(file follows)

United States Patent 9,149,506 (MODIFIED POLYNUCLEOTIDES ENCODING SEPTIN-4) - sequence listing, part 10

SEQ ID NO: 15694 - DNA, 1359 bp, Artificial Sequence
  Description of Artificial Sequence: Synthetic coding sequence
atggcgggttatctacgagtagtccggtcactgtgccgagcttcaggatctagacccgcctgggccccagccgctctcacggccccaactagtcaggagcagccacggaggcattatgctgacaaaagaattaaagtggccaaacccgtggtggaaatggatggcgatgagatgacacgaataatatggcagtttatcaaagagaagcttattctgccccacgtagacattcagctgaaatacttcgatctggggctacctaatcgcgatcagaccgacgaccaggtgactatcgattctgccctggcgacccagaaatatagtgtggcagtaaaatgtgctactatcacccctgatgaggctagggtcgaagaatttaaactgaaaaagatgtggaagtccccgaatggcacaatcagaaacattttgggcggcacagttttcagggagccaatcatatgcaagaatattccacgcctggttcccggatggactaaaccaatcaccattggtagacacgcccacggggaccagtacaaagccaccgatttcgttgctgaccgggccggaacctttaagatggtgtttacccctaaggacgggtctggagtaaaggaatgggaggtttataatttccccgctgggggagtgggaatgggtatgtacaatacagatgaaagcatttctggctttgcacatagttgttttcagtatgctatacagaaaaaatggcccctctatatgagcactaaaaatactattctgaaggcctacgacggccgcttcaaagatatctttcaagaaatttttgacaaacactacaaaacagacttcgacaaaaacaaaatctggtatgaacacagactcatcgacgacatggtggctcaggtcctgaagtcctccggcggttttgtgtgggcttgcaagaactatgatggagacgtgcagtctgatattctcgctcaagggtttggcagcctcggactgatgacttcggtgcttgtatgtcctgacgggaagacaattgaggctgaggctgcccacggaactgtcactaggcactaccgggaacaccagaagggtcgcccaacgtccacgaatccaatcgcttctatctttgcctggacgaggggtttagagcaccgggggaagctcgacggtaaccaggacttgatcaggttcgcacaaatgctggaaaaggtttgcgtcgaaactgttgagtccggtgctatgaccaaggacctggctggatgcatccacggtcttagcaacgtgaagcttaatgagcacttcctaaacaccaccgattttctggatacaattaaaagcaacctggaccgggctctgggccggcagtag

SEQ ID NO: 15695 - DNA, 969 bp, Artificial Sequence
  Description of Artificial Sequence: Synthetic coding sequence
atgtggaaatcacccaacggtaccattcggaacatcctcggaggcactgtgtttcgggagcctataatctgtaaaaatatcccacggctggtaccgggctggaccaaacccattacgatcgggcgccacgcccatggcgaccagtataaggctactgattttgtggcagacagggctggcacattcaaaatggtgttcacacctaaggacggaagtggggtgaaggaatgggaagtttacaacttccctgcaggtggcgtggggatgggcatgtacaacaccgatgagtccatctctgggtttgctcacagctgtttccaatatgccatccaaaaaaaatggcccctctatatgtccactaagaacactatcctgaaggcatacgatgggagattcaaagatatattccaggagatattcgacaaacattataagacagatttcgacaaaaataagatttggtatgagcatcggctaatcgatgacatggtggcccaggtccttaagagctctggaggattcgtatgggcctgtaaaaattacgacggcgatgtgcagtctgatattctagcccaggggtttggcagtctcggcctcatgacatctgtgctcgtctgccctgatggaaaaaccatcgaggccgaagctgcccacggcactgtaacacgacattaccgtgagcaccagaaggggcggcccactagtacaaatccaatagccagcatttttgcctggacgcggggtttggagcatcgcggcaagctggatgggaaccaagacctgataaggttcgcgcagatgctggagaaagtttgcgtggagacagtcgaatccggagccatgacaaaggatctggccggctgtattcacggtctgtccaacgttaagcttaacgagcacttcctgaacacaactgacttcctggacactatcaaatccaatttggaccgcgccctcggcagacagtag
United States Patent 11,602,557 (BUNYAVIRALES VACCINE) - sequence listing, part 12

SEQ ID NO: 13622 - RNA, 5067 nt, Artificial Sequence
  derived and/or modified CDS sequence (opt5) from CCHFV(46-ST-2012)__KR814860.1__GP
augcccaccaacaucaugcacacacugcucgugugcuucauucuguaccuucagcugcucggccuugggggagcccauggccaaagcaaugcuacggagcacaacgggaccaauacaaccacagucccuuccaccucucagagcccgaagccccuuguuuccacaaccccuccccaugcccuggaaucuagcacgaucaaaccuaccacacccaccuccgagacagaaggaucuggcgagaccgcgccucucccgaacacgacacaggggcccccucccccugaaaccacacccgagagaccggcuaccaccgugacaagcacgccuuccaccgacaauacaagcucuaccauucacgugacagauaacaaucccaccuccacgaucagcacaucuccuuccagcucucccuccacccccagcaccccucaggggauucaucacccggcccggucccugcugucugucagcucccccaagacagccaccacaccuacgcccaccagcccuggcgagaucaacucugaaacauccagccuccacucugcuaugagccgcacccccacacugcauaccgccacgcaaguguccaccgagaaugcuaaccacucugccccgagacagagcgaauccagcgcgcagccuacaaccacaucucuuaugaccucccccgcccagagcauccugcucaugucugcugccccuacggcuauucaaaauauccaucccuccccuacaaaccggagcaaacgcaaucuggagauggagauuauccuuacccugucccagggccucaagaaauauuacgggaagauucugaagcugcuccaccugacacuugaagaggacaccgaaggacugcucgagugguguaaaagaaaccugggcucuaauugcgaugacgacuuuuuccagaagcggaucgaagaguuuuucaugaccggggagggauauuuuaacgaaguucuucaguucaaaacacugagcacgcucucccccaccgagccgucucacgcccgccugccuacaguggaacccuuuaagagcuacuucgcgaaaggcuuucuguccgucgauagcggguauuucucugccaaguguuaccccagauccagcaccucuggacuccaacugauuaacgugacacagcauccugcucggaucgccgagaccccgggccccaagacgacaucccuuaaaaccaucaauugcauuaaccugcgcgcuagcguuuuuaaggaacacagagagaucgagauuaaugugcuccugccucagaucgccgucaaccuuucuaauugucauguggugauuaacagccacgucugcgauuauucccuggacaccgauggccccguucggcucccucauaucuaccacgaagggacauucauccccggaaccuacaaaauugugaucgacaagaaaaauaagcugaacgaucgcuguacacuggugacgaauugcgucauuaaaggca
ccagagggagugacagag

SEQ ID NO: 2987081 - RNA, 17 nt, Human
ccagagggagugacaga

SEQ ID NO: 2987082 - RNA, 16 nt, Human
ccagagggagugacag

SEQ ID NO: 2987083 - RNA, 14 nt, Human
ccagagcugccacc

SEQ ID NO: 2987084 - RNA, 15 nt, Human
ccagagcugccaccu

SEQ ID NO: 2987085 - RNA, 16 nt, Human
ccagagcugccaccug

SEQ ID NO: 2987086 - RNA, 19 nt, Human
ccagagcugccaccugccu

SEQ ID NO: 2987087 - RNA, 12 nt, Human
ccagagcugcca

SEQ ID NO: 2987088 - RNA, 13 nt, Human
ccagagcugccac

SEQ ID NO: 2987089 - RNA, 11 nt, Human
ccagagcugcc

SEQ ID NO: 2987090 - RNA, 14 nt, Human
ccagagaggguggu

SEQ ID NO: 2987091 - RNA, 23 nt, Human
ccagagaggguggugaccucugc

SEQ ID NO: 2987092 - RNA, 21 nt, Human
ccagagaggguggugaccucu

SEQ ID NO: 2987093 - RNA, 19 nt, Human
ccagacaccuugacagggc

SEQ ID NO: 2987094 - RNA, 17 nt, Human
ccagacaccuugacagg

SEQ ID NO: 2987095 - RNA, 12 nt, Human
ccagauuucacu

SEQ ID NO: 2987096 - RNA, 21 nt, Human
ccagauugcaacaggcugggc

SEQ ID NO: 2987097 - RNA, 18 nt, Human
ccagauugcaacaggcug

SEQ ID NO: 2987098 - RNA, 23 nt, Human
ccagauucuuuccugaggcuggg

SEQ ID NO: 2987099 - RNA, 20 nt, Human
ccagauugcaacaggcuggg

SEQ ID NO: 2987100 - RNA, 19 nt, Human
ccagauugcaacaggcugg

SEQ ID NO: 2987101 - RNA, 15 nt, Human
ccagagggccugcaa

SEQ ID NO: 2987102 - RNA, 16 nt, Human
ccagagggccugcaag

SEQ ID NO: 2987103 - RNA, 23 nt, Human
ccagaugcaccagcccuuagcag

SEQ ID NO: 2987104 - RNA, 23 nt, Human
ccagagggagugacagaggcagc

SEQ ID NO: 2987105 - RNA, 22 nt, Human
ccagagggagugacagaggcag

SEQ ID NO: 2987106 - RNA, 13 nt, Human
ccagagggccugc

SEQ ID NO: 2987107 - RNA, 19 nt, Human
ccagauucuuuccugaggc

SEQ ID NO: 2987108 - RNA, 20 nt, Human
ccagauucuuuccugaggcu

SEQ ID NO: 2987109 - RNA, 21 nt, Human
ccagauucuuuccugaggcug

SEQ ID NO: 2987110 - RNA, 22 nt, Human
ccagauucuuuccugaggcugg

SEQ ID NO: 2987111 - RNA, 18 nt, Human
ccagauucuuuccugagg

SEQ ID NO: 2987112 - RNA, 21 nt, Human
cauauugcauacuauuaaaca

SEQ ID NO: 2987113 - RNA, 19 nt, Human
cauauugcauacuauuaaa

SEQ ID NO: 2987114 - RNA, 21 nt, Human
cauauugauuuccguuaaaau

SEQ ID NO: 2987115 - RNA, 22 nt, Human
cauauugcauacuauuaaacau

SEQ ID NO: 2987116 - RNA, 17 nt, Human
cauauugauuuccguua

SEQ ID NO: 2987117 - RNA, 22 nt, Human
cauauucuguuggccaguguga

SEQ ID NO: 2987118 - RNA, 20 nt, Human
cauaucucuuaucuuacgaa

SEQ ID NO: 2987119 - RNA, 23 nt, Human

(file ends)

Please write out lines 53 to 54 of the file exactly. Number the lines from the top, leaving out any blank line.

SEQ ID NO: 2987101 - RNA, 15 nt, Human
ccagagggccugcaa